I'm not sure what the Korean traditions are around Easter. There are plenty of people here attending Christian churches, but there are NO PLASTIC EGGS sold here. Did you know that they don't even sell those plastic eggs in Australia? The Easter Bunny only brings chocolate eggs to Australian children.
Saturday night, Jim and I made a late night trip to HomePlus, which is a British grocery store chain. There were no plastic eggs or Easter baskets, but there were cute cleaning buckets and a variety of candy. We got the buckets, some candy and even found some grass-like paper stuffing in the party aisle. Sunday morning after Ruby woke up shouting "Happy Easter!" the kids had a quick Easter-basket hunt at home and later in the morning we went to the KIS staff kids Easter gathering. This was, like all of these KIS parties, planned so well. Each age group had their own area of the park so search for plastic, candy-filled eggs! That's right, someone brought a ton of these eggs over from the US and used them for this party. Every child was assigned a certain sticker and had to look for the eggs with their particular sticker. That way, each kid got about the same amount of candy. Brilliant, right? All the families brought a dish to share. It's amazing to me what people manage to make here when I seem to only find strange root vegetables in the grocery store (example: Fi brought homemade strawberry shortcake). Anyway, there was egg hunting, eating, hanging out and kids playing. Excellent Easter. (Did you see a missed opportunity for a pun there? You're welcome.)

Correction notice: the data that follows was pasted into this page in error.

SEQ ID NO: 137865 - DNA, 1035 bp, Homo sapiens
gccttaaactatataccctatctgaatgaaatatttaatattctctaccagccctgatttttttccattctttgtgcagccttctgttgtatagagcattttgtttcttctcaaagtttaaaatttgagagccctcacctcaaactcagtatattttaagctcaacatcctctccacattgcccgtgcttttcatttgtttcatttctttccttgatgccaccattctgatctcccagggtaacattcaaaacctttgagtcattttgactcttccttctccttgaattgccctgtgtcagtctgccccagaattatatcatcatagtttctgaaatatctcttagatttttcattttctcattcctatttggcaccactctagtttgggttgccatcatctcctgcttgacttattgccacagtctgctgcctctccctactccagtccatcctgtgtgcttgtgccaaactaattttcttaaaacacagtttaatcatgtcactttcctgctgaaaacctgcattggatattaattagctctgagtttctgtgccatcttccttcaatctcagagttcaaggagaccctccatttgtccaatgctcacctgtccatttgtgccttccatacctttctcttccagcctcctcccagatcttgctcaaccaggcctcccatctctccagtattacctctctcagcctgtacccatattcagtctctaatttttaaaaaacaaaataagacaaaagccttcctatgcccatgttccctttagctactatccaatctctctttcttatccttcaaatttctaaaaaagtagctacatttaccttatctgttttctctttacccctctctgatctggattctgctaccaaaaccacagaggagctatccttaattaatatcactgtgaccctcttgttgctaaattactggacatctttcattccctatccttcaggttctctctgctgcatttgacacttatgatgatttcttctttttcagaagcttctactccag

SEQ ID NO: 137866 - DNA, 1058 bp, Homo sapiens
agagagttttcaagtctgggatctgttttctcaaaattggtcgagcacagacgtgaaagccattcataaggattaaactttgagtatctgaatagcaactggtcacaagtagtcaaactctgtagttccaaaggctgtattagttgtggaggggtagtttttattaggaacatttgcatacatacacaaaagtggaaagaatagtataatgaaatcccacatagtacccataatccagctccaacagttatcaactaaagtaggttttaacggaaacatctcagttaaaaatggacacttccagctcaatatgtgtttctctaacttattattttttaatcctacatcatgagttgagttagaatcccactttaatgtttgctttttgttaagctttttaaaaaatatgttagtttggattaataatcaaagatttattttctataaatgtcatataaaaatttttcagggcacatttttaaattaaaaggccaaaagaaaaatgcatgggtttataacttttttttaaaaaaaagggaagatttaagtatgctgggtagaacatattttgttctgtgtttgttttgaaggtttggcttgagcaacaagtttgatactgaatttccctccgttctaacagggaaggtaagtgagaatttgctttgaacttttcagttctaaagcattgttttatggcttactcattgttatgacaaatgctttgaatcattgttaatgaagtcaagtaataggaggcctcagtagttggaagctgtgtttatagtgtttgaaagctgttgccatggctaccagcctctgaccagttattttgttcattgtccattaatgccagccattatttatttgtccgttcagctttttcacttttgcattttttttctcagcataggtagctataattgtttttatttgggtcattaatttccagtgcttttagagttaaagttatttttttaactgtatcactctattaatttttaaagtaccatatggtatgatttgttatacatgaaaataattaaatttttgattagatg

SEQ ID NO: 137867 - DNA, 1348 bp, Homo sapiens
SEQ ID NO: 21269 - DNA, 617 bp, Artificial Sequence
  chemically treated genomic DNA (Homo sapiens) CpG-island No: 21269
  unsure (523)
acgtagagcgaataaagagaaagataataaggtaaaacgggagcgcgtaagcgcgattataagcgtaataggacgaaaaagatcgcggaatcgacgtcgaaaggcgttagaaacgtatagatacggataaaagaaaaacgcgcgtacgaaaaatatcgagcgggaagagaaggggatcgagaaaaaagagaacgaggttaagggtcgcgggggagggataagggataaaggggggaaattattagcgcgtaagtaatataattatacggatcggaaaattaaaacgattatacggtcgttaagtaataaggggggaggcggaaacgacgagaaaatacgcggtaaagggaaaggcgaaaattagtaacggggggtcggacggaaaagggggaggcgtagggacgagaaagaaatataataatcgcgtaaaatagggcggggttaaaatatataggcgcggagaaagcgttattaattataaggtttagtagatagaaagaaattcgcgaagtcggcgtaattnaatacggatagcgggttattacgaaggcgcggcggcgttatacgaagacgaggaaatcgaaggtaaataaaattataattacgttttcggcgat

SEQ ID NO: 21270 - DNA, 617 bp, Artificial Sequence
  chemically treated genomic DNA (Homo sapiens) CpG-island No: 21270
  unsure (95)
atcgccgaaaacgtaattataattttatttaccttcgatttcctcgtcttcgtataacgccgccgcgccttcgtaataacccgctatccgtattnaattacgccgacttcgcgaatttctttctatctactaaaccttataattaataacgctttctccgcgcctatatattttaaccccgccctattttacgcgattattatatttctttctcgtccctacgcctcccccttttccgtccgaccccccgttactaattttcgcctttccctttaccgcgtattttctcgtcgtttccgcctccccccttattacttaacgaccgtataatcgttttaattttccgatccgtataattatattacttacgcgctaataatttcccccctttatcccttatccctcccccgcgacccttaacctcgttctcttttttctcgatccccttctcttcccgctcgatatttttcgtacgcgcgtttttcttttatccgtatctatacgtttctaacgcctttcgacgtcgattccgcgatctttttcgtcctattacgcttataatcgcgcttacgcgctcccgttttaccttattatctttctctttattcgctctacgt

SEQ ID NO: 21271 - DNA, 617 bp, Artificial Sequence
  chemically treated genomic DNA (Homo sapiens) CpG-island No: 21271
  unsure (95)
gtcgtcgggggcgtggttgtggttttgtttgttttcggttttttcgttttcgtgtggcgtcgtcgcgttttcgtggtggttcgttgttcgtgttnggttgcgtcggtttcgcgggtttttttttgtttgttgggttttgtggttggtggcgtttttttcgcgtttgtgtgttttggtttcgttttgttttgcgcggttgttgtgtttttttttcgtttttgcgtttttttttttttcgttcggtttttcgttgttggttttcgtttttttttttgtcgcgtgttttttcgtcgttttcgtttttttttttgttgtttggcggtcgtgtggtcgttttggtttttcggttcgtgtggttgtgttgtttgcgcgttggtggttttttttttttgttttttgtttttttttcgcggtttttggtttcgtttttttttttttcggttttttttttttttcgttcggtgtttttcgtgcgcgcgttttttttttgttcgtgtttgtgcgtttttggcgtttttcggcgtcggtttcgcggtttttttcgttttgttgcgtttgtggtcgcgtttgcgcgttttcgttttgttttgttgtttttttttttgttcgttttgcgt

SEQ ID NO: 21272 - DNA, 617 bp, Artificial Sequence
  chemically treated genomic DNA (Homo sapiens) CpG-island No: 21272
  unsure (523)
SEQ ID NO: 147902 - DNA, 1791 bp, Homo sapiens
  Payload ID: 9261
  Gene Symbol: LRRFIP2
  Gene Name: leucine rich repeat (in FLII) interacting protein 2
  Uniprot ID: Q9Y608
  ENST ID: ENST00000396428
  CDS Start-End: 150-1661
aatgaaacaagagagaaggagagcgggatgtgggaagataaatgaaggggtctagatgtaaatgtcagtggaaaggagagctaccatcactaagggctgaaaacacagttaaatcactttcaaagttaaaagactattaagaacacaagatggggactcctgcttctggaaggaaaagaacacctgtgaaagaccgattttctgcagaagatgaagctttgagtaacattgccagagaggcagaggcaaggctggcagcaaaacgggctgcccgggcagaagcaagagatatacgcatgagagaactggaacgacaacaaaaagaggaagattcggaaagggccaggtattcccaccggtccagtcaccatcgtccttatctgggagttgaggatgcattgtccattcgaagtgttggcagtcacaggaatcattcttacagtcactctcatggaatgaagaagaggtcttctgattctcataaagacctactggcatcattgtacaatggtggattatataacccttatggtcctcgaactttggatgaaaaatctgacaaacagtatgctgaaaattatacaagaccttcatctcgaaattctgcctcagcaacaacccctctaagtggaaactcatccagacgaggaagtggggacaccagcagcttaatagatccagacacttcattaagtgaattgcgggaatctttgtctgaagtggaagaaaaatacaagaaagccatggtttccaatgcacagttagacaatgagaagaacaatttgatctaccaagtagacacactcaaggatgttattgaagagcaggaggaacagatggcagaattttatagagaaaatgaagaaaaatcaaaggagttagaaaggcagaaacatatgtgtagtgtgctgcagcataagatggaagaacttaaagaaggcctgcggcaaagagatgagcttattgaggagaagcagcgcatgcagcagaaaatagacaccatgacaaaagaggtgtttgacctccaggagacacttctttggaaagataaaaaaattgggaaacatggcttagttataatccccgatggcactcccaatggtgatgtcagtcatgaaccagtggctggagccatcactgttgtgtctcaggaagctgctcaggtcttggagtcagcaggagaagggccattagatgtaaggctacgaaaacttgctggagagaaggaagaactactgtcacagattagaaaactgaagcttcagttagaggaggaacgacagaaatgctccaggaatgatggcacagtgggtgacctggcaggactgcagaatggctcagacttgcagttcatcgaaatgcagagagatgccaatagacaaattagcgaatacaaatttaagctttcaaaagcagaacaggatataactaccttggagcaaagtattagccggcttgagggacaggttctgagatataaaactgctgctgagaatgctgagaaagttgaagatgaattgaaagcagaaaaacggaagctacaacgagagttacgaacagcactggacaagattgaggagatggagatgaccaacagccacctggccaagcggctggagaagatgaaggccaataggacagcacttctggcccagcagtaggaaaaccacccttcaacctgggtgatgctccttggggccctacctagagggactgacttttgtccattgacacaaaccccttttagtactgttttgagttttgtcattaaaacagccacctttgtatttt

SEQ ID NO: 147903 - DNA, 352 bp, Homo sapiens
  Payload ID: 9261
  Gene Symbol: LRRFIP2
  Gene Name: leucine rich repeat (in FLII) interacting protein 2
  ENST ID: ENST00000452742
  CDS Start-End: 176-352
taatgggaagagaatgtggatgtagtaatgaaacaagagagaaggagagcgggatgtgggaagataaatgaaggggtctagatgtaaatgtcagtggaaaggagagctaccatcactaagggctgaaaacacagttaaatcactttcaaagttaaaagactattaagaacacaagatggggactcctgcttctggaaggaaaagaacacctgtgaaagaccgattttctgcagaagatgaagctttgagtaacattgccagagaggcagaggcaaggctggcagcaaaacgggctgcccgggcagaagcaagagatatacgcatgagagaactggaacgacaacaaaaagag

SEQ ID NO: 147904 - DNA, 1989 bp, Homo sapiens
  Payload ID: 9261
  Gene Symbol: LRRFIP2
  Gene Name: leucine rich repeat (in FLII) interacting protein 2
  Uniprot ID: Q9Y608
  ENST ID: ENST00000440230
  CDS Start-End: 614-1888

|This park is really close to our apartment|
|That's me. Did I mention I changed my hair? The color is "Korean Brown"|
|2 fisted candy eating|